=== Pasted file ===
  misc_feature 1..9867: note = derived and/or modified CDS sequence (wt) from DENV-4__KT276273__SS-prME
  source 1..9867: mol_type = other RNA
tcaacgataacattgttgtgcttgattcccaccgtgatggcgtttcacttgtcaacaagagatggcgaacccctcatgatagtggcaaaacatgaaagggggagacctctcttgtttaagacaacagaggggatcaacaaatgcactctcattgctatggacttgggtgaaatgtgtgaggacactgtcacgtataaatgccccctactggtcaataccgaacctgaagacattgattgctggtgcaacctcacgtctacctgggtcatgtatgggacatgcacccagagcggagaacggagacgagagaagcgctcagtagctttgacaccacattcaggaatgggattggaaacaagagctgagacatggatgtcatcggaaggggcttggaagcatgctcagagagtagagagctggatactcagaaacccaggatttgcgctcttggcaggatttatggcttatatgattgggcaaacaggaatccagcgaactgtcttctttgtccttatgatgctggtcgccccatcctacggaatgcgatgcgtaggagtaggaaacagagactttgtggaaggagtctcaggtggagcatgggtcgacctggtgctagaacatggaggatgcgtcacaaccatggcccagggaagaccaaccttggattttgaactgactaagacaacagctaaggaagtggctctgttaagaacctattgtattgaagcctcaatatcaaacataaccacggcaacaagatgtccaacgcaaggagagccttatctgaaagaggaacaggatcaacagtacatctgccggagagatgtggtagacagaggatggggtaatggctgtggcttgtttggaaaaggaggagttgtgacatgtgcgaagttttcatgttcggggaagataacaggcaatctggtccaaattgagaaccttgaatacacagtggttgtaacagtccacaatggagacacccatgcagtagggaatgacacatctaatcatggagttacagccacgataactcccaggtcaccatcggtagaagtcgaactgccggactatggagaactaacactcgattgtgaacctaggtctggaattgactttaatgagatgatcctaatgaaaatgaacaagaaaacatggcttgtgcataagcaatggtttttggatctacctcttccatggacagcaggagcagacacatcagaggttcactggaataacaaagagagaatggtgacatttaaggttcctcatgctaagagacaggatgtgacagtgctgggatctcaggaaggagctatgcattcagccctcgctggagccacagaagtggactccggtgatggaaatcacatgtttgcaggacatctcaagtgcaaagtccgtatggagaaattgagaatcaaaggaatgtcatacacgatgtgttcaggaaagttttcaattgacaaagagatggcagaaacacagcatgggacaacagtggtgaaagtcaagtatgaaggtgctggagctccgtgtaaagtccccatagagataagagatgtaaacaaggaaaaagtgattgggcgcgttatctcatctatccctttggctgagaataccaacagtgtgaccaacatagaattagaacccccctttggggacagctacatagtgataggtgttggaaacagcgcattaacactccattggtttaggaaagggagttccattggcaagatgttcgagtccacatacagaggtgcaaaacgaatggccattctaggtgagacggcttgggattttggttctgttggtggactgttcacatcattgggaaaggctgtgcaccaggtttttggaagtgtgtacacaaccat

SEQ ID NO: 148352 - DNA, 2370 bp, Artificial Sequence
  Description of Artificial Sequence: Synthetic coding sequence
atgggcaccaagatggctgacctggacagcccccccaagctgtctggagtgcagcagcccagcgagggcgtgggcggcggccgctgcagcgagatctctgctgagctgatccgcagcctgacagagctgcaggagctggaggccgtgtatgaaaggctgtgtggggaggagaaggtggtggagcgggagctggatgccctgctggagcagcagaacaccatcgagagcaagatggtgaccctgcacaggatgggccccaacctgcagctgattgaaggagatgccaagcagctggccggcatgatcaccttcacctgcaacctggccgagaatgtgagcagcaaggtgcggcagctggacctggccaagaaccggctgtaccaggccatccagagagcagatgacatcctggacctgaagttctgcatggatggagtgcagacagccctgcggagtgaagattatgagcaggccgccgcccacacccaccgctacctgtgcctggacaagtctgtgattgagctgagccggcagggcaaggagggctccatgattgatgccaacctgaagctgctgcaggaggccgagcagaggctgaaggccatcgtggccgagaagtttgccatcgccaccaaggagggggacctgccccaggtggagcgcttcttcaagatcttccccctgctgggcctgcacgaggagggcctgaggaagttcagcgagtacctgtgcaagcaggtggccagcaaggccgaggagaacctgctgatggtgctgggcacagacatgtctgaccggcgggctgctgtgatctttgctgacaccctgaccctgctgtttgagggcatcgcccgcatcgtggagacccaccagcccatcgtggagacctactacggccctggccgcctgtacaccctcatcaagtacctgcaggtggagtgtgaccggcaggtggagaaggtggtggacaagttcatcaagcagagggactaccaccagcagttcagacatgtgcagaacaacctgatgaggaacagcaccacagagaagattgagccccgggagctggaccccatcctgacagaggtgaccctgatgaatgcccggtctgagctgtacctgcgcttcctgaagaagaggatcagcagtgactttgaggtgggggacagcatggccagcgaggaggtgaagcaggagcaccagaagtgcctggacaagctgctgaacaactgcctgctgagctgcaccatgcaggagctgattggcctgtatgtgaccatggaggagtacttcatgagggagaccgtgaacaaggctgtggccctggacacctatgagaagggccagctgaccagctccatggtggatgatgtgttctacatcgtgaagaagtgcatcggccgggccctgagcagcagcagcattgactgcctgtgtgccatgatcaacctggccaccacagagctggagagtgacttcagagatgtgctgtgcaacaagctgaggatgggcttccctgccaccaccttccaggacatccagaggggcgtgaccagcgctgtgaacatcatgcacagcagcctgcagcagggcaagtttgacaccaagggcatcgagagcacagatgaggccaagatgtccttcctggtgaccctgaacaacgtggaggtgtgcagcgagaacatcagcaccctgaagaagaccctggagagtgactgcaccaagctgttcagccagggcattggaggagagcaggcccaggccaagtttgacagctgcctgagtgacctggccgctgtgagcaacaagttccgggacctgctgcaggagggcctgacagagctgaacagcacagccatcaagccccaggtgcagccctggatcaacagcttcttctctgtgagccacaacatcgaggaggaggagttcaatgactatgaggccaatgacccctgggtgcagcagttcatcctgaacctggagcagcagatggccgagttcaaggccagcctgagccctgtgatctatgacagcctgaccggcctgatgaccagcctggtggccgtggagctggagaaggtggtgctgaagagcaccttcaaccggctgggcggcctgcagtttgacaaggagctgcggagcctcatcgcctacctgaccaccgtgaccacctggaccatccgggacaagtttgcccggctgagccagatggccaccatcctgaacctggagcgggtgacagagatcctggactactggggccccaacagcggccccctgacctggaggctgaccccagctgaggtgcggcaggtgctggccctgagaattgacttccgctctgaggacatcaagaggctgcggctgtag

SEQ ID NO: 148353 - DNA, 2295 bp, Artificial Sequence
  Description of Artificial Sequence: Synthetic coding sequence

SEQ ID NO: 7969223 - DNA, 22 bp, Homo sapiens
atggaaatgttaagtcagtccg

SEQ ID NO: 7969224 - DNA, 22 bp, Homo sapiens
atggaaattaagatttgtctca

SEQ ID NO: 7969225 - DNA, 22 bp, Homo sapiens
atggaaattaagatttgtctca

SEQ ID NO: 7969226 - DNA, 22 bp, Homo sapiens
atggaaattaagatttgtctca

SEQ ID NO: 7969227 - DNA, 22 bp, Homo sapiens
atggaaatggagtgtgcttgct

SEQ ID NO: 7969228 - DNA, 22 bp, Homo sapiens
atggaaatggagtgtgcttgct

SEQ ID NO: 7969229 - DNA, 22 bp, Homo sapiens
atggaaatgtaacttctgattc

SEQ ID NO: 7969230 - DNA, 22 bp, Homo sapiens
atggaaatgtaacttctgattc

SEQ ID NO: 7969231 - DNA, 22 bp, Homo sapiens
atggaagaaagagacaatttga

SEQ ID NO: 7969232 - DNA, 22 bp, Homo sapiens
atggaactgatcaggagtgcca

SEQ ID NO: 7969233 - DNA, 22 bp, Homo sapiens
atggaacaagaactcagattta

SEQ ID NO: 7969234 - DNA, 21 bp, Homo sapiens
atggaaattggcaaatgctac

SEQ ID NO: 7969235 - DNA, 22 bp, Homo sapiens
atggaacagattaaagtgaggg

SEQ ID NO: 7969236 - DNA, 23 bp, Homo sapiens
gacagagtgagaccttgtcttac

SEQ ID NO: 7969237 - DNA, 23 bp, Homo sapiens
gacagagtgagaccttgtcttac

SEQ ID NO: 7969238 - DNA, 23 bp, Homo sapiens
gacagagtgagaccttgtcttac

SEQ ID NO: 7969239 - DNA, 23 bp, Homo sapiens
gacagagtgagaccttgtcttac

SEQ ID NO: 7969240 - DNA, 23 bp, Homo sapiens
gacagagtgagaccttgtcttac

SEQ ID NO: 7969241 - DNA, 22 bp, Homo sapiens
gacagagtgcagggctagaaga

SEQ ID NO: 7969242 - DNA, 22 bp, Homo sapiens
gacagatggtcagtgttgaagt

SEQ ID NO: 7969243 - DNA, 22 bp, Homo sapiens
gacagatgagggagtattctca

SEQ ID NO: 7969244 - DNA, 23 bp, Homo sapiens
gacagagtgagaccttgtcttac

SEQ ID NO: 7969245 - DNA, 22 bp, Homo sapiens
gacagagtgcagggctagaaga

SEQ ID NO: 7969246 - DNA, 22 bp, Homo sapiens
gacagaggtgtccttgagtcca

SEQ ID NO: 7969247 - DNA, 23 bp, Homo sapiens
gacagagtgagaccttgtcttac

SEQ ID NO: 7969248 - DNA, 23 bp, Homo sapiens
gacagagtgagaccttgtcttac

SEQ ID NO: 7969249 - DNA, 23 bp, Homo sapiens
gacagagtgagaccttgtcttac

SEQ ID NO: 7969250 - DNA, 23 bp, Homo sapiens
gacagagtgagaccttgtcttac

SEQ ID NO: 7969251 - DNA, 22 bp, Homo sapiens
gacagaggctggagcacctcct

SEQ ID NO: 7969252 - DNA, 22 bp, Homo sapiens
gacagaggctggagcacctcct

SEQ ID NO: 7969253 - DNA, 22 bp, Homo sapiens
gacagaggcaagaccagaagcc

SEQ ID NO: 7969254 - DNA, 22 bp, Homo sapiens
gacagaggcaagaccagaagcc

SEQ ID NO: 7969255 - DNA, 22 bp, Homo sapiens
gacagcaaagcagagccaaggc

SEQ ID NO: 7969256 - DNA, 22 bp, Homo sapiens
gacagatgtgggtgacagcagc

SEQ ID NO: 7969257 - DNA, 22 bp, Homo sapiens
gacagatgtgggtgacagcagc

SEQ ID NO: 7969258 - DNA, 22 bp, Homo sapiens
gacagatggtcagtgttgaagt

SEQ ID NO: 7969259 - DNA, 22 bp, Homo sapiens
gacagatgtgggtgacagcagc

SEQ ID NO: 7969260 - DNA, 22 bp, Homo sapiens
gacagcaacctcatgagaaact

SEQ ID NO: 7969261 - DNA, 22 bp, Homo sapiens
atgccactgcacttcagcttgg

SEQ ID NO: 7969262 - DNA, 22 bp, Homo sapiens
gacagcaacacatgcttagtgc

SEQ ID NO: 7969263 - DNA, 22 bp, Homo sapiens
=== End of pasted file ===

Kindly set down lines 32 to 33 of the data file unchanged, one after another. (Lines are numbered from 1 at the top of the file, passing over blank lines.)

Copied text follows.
atggaaattggcaaatgctac

SEQ ID NO: 7969235 - DNA, 22 bp, Homo sapiens